Difficult ending to a difficult season: UConn women lose for first time in Sweet 16 since 2005

Tribune Content Agency

SEATTLE — The last time the UConn women’s basketball team traveled out West for a regional was the last time the Huskies didn’t make it to the Final Four.

The year was 2007 and UConn were sent to Fresno, Calif., where the Huskies beat Kay Yow’s North Carolina State team in the regional semifinal but lost to Stanford in the regional final.

After that, every year since 2008, it would be March and you’d turn on your TV and there UConn would be in the Final Four.

But Saturday afternoon at Climate Pledge Arena, under the gaze of former UConn greats Sue Bird and Asjha Jones, UConn couldn’t get the job done, losing 73-61 to Ohio State. Lou Lopez Senechal led the second-seeded Huskies with 25 points.

The Huskies had been 6-0 against Ohio State before Saturday,

It was the first time UConn hadn’t advanced past the Sweet 16 since 2005, when the Huskies lost to Stanford in Kansas City.

Saturday’s game was a difficult ending to a difficult season, filled with injuries to key players, including preseason season-ending injuries to Paige Bueckers and vaunted freshman Ice Brady.

“It was a Sweet 16 game, so we knew they’re going to come out and they were fighting for their lives, and it’s kind of like all teams do that,” UConn’s Dorka Juhasz said. “And we were just not able to respond, unfortunately.”

UConn coach Geno Auriemma had said before the game that after the season the Huskies had, they were fortunate to be in Seattle. But the expectation, even for this season, is always the Final Four and when UConn got some key players back from injuries and started playing well during the Big East tournament — then won it — the expectations surged again.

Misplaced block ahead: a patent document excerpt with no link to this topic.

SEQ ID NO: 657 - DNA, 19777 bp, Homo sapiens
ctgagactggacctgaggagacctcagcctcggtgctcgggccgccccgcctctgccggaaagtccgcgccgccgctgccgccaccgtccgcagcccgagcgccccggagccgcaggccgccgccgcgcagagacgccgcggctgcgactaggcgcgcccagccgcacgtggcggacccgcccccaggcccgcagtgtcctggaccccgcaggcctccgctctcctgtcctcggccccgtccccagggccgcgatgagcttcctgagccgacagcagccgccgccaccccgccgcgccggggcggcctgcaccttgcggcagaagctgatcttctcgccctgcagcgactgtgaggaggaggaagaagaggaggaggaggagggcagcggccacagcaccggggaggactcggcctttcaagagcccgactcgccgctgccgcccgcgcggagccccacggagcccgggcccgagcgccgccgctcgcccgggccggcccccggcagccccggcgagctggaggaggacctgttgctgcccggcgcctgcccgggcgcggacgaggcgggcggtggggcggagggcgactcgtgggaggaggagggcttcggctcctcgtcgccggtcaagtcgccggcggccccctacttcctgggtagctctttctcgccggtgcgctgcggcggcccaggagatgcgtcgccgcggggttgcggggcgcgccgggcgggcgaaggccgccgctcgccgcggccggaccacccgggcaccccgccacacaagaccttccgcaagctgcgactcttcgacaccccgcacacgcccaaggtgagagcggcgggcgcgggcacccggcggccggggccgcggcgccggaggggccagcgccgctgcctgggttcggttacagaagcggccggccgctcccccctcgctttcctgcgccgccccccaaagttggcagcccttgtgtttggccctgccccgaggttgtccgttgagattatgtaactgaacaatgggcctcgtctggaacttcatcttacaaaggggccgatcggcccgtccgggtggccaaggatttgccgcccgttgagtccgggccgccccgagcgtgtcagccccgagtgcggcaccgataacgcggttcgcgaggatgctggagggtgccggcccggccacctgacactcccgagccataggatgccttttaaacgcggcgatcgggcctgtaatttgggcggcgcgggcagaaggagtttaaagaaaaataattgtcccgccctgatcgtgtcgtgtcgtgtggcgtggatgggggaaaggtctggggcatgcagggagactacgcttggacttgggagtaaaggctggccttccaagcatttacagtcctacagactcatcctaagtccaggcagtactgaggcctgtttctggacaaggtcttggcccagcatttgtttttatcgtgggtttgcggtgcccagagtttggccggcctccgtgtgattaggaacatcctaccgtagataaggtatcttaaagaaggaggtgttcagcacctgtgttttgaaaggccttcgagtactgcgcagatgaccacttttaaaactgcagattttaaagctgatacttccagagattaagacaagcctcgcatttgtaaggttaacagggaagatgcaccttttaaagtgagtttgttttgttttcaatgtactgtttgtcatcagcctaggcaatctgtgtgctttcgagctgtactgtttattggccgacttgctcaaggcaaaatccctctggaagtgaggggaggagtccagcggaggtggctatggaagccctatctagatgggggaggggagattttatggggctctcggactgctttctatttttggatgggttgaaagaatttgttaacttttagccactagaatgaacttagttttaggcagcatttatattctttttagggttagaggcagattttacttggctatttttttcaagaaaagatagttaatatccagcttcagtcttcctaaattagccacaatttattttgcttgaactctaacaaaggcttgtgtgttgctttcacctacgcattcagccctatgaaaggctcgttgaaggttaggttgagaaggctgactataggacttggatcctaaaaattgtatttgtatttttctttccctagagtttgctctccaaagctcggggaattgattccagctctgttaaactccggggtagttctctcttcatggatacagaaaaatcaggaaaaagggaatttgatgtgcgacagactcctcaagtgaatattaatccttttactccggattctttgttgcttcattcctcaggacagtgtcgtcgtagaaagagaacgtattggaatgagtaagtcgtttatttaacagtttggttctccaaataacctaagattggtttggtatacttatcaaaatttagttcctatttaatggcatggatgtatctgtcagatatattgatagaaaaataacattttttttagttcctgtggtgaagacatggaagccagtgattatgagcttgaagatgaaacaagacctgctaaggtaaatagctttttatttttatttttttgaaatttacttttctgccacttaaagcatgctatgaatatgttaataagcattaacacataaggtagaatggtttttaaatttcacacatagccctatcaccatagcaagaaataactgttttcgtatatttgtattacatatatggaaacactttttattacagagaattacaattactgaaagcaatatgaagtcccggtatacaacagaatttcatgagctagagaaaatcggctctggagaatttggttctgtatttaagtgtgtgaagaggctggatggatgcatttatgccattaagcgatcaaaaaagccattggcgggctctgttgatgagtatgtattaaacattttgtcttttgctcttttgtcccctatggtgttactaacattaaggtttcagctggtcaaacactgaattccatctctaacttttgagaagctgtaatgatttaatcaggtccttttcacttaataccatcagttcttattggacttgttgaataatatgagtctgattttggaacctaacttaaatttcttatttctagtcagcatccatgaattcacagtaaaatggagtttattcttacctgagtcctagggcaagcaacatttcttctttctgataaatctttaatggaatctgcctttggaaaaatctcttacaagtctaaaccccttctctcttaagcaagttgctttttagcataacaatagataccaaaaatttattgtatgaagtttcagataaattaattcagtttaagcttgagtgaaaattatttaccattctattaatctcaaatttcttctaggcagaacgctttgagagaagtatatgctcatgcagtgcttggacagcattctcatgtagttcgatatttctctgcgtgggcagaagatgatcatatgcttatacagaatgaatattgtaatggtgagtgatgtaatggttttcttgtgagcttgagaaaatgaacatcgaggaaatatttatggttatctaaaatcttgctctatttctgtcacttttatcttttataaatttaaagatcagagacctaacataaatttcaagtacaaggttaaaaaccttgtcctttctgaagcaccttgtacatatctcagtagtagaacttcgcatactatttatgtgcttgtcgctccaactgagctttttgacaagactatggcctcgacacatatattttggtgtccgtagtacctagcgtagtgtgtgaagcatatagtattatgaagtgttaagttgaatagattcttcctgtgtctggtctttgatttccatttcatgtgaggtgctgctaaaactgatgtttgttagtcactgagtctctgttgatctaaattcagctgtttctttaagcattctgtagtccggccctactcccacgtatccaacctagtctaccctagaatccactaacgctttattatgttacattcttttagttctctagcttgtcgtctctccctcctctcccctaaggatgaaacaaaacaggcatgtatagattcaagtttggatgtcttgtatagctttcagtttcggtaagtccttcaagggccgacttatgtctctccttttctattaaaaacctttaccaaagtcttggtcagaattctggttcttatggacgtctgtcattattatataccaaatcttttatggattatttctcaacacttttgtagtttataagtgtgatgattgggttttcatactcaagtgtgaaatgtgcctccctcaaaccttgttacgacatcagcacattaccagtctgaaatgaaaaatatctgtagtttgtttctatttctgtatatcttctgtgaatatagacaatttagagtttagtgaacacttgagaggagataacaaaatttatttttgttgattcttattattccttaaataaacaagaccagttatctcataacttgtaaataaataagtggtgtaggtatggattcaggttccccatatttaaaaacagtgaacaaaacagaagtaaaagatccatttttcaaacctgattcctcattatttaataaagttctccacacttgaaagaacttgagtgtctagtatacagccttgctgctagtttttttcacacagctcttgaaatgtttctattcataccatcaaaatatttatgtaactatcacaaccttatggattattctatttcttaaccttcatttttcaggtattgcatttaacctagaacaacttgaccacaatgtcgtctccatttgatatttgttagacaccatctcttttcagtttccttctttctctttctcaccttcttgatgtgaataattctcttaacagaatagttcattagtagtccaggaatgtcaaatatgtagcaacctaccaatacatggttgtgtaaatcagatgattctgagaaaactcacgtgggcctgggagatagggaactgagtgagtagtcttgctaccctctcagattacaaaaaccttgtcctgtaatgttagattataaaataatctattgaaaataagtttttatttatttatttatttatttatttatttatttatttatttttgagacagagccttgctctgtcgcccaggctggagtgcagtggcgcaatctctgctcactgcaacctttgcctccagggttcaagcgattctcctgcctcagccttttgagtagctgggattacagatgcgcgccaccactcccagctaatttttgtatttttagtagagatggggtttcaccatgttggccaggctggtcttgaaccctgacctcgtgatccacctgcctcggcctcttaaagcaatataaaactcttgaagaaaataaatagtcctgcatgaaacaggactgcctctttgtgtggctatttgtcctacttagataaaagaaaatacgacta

“The surprise was, more than anything, leading up to this all week — we felt like we had really, really good workouts, we had really good idea what we wanted to do, what Ohio State was going to do and we started the game like we knew,” Auriemma said Saturday. “The first couple times we turned the ball over, it was a real punch that kind of put us back a little bit. It was so unlike what I’ve seen in the last month.”

UConn knew Ohio State’s smothering press was going to be difficult to deal with, but point guard Nika Muhl said Friday she thought the Huskies would be in a “good place against it.

“They create a lot of chaotic situations for you if you’re not prepared to handle it,” Auriemma said before the game.

UConn had 25 turnovers, the most since the Huskies played Princeton in December and had 27 turnovers.

The first half proved chaotic for UConn, which struggled to handle the press. The Huskies had 18 turnovers and trailed 36-26 at halftime. It didn’t help that Aaliyah Edwards was in foul trouble and only played nine minutes in the first half, and Lopez

Senechal, who led the Huskies in scoring at halftime with eight points, slipped midway through the second quarter and left the court, holding her right knee. UConn didn’t even to get a shot off in the second quarter until Azzi Fudd hit one with 5:30 left in the quarter and the Huskies trailing 26-19.

Lopez Senechal returned in the second half and hit a driving baseline layup and it appeared the Huskies had righted themselves. But they had another turnover. Edwards picked up her fourth foul with 7:07 left.

By the end of the third quarter, the Huskies still trailed by 10, 54-44. UConn made a brief rally in the fourth, cutting the lead to nine on a Lopez Senechal 3-pointer with 3:44 left. But the Huskies couldn’t muster anything else after that.

“I think Ohio State just outplayed us and took us out of a bunch of stuff that we want to do,” Auriemma said. “Again, it’s unfortunate that we chose tonight to play the way we did, but I think Ohio State had so much to do with that. I thought Kevin’s team was really, really good and really well prepared. They knew exactly what they wanted to do and what to take away from us. We lost our balance and we lost our equilibrium a little bit and I don’t think we ever got it back.”